Many people set their sights on becoming lifelong learners,
but what does that phrase mean, exactly? Does it describe
avid readers? Someone who prefers the History Channel over
A more clear-cut example of lifelong learners are Memphis
residents Dr. Edward and Linda Kaplan, who found life more
enjoyable after they decided to audit music classes at the
University of Memphis.
and Linda Kaplan enjoy the vast resources the U of M offers,
such as the Rudi E. Scheidt School of Music's extensive
Ed, a recently retired neurosurgeon, and Linda, a civic volunteer
for Memphis Symphony Orchestra, always had a great love of
music. But they say they felt more like passive listeners
when attending concerts. A friendship with Rudi and Honey
Scheidt, whose multimillion dollar gift supports the school,
was another reason to give the School of Music a try.
"We took an even greater interest in the school because
it had become personalized," Linda says. "Also,
Ed retired about a year ago, and we had time on our hands
together for the first time."
The Kaplans' intention to start with just one class
didn't quite go as planned.
"We couldn't decide among the really great courses,
so we ended up taking three," Linda says. So for the
Fall 2002 semester, the Kaplans audited music history, music
appreciation and music theory. Allen Rippe, assistant professor
of music, says the couple added much to the class discussions.
More importantly, he says, they have found a new way to express
their appreciation and support for music.
"I dare say that music in this community was put together
by people like the Kaplans," Rippe says. "Ed and
a lot of physicians are supporters of the arts, and they play
a vital role in keeping the arts alive in Memphis."
The Kaplans say their U of M experience was reminiscent of
the campus life they lived years ago. "We had to get
up early in the morning and get a parking place like everyone
else," Linda says. Ed notes a distinct advantage this
time around no final exams. He says he found the professors
intensely interesting and the experience worthwhile.
Likewise, University professors say the Kaplans were an enjoyable
addition to class.
"Ed and Linda were a wonderful example of how art and
music enriches the lives of people who open up themselves
to it, even if they are professionals in other areas,"
says Mona Kreitner, adjunct professor of music.
The School of Music indeed has much to offer, and the Kaplans
are aware that they've only scratched the surface. The
school has faculty gems such as composer Kamran Ince, guitarist
Lily Afshar and Grammy winner David Evans, as well as dozens
of talented vocal and instrumental students.
Moreover, the Kaplans say the school's friendliness and openness
were big draws.
Audit You Won't Mind Getting
word "audit" has gotten a bad reputation.
To be fair, no one wants an audit at least
not the kind that the IRS gives. But an audit
at the University of Memphis can mean something
Moling, assistant registrar at the U of M, says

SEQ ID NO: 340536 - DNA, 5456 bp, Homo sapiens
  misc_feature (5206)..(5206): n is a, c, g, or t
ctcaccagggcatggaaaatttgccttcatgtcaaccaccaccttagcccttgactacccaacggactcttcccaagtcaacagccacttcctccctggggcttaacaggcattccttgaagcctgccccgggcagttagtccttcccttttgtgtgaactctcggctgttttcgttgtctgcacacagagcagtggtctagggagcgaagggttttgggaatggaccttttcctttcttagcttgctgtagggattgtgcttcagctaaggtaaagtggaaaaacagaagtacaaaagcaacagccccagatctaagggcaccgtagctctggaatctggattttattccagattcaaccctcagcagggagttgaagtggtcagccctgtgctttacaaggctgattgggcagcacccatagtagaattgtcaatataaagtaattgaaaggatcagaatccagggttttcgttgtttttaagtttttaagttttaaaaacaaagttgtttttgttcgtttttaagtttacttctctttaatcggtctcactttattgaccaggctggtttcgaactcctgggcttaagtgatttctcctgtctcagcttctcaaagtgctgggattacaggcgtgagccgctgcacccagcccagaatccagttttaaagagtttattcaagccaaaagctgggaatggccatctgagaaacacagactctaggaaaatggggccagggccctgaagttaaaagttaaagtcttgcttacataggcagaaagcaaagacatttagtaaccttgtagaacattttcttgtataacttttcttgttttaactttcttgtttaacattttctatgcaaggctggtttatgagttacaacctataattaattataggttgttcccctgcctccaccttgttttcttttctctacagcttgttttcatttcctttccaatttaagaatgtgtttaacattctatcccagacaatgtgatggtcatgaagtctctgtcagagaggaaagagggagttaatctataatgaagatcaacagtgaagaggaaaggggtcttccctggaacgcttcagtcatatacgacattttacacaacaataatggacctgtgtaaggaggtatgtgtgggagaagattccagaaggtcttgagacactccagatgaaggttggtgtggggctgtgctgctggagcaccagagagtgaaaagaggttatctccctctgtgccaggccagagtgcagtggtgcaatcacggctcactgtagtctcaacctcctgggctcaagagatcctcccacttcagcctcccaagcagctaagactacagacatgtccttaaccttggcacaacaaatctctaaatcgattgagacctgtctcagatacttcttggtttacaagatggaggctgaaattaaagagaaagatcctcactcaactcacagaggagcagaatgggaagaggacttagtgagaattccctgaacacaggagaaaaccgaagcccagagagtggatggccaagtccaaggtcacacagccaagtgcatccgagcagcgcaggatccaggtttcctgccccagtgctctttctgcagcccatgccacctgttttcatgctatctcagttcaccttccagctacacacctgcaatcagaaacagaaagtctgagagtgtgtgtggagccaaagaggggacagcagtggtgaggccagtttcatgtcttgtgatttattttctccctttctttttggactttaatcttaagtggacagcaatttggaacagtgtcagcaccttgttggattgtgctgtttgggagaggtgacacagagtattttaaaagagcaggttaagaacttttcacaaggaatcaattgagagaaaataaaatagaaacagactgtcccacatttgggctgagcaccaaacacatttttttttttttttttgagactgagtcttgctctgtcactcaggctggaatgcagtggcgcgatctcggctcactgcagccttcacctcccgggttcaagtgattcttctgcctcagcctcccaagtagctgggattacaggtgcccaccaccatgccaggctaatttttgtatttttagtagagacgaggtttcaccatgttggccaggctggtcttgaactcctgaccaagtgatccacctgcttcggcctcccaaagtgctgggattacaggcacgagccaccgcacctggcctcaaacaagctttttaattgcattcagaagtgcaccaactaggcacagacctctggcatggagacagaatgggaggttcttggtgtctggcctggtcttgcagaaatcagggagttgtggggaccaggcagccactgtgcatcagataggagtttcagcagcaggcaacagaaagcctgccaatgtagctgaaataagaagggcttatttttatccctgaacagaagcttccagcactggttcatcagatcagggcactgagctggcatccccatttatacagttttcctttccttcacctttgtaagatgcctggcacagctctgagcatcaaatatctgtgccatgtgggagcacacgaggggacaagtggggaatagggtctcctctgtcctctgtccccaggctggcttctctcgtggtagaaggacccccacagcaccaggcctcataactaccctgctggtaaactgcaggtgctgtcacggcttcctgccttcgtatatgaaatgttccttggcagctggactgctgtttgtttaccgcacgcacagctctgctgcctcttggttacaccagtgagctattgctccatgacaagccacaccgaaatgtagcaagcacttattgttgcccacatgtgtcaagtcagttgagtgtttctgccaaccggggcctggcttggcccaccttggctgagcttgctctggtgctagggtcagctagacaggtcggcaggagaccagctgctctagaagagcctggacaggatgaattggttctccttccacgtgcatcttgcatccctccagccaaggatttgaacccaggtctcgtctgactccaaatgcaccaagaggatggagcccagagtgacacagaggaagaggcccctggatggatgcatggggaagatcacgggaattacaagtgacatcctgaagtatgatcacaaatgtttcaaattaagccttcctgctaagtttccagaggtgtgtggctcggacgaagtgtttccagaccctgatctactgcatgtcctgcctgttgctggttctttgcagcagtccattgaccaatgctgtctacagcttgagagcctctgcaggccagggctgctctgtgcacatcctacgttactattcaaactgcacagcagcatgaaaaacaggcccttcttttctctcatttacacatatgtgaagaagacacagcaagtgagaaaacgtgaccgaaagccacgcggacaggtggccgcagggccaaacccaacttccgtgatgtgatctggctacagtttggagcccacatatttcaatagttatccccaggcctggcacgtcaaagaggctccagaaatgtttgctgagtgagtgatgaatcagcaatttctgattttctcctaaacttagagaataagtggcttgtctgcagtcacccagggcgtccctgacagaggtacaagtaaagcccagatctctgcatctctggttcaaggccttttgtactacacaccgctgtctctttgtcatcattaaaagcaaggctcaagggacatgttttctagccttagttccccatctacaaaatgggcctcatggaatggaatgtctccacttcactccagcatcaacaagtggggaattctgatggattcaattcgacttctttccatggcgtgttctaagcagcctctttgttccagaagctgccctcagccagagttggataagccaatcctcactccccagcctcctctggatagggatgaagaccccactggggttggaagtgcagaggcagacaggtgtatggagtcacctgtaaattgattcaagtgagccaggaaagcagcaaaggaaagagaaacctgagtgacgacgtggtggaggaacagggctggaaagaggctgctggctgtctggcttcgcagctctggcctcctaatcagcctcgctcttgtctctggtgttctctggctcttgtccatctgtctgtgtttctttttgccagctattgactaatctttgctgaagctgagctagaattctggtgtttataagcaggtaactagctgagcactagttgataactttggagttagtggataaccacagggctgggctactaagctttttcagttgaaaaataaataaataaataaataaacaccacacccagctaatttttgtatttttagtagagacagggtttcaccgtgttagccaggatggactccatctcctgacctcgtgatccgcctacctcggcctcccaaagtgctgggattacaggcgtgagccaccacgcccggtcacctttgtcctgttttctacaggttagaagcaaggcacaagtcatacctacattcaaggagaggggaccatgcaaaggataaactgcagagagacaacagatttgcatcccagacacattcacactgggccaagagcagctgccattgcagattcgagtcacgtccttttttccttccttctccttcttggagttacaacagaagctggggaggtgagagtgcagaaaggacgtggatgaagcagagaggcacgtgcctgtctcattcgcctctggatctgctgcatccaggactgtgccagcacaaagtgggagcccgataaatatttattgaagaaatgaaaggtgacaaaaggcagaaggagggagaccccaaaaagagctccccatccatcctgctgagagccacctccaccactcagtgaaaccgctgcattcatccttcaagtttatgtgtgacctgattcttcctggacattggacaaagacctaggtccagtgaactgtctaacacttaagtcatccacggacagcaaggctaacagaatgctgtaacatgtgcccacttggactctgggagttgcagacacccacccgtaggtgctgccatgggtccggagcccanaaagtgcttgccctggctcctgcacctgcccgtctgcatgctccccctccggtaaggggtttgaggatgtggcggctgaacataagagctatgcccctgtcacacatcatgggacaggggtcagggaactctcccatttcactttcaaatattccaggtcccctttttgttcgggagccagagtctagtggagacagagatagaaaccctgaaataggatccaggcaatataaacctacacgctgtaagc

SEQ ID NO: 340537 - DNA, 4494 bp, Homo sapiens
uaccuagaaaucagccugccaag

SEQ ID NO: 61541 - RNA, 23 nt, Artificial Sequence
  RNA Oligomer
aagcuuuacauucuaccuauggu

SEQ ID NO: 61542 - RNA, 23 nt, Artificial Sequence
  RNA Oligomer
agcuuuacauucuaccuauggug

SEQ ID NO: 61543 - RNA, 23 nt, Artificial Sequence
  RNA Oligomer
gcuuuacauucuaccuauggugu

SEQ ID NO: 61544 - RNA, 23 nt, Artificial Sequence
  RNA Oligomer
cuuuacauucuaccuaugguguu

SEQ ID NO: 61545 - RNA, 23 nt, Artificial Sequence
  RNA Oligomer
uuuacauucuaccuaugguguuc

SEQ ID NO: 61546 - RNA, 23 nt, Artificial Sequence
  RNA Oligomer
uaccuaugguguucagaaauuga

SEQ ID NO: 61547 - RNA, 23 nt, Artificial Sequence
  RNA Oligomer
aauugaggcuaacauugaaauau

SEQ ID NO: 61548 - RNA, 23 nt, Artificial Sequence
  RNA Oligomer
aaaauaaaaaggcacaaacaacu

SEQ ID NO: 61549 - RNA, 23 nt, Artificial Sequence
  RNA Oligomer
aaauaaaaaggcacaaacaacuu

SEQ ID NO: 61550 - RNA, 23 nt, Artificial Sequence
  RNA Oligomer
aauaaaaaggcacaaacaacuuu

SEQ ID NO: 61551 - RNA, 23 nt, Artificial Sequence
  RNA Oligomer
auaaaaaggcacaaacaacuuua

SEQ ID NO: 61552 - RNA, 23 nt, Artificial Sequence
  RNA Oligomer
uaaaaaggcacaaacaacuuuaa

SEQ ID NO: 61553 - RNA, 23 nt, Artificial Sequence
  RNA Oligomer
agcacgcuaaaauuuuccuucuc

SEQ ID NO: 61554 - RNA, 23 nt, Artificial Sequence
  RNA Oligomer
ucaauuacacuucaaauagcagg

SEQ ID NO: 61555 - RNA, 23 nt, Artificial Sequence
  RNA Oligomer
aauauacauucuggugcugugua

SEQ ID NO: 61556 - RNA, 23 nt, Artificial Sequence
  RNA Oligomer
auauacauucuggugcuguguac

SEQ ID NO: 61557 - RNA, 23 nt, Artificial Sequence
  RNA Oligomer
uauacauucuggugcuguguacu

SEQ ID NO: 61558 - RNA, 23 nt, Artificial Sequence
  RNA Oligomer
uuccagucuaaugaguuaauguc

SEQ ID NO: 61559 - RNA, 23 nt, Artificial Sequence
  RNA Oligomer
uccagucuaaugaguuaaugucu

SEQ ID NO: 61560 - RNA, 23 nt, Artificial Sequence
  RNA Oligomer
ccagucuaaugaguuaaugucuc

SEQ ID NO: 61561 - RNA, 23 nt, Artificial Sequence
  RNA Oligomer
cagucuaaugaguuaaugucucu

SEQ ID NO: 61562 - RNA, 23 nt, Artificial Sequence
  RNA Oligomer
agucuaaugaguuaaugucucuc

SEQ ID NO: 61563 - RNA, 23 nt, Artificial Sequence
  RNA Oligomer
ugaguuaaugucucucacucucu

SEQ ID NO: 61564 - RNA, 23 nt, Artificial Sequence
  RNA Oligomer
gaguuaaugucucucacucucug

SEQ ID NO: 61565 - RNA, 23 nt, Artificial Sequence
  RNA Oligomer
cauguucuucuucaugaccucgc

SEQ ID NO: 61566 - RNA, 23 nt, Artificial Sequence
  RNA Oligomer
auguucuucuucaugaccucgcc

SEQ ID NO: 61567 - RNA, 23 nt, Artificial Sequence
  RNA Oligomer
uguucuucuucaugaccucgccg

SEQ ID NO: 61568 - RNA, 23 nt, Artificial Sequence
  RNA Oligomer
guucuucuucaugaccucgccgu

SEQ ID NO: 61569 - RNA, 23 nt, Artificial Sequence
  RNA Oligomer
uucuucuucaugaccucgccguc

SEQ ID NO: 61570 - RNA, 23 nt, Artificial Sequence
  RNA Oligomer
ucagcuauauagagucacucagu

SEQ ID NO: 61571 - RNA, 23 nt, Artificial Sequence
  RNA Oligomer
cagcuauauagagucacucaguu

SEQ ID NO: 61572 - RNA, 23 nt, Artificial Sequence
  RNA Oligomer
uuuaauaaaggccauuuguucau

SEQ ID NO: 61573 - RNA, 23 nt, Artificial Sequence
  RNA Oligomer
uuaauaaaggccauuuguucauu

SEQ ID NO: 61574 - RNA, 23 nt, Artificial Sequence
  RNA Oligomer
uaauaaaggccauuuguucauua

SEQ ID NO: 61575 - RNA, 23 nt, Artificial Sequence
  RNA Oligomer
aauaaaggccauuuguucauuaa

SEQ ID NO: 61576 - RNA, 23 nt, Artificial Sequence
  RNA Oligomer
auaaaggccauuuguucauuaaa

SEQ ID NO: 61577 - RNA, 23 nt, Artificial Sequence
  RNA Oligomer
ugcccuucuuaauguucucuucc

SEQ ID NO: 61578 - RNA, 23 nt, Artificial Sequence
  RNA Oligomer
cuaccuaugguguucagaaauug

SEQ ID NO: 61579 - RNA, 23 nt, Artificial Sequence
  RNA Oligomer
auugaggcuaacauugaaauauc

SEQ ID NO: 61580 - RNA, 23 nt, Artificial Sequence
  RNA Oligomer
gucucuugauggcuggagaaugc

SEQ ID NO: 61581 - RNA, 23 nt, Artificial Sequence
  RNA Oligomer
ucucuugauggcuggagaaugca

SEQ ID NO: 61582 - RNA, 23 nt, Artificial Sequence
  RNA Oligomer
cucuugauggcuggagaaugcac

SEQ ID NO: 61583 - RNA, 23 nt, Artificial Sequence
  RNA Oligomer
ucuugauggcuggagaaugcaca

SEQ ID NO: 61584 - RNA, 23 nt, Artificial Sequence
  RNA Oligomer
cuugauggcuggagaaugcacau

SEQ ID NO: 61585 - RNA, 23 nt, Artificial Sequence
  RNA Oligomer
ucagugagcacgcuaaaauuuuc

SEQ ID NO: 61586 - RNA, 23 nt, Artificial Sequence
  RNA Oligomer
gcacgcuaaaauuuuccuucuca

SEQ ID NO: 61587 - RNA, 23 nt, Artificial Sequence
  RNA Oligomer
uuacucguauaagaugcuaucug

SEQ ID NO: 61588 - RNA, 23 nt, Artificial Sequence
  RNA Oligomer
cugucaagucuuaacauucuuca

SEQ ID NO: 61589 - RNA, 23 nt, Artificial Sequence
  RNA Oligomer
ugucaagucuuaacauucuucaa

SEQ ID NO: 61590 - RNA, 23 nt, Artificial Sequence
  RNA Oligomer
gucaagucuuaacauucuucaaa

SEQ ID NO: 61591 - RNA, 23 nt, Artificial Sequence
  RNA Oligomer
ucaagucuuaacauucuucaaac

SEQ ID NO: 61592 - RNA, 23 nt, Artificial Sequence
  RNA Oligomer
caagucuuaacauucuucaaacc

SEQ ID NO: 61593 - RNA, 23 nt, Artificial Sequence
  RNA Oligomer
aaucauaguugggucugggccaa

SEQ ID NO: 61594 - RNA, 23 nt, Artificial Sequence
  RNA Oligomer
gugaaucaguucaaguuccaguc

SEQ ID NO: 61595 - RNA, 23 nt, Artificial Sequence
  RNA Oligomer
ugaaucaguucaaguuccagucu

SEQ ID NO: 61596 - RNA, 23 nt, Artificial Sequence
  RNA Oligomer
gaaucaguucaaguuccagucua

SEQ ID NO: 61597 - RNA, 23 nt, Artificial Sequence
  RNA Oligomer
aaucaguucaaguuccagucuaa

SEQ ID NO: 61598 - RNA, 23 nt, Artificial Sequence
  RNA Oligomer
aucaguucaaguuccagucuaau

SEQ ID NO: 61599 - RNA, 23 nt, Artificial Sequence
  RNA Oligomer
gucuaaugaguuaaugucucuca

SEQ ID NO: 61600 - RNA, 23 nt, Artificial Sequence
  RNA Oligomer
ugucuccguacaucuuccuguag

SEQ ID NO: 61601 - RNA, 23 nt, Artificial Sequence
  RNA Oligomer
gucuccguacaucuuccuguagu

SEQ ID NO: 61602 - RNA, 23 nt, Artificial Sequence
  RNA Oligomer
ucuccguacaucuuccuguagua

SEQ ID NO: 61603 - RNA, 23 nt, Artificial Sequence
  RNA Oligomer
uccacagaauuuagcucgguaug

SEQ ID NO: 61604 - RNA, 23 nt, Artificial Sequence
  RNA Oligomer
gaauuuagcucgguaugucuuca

there are two basic requirements for senior citizens
who wish to audit a course at the University.
They must be residents of Tennessee, and they
must be at least 60 years old. There are no other
have a number of people who have no college experience,
and we have a number of people with advanced degrees,"Moling
says. Although history and literature classes
are the most popular, seniors have sampled courses
across the campus.
classes won't earn you college credit, but it
will earn you a new wealth of knowledge. Courses
are subject to availability. For more information,
contact the Registrar's Office at 901/678-2810.
"It's kind of an oasis on campus," Linda says. "It's a thing
The Kaplans truly caught school fever. Not limiting themselves
to class attendance, they often returned to campus in the
evenings for concerts and faculty recitals. Having a wide
palette for the arts, they also saw the Theatre Department's
production of Into The Woods and a performance by the
There was an inconvenience at the U of M, but it was one
the Kaplans were able to address and correct. They often had
to switch rooms during their classes due to a shortage of
audio and video equipment. As a result, some creative juggling
of that equipment was an unfortunate necessity. But with a
modest gift, the Kaplans bought some much-needed equipment
that ended the room-swapping.
Ed says the school is more than deserving of his support.
"It's not a hidden treasure, but the community doesn't appreciate
what it has here," he says. "I really appreciate what I've
learned. I feel like I got so much out of these classes."
The Kaplans are accustomed to quality universities
Ed graduated from Yale; Linda, from Smith College and
say their U of M classes have provided just as many rich learning
experiences. Ed says degree-seeking students often get caught
up in focusing on what they have to take, rather than what
they want to take. Now they can pursue additional extracurricular
As they continue on their journey as lifelong learners, the
Kaplans are starting to mull over their options. They consider
the School of Music the entry way to their U of M interaction,
but they are interested in exploring other areas of campus
Linda says the next stop might be an English class. Or maybe
the couple will take a history course. Like the proverbial
kid in the candy store, the Kaplans are assured a smorgasbord
of academic options at the
U of M.
"The School of Music was the most welcome place to start,"
Linda says. "Where we will go next, we don't know."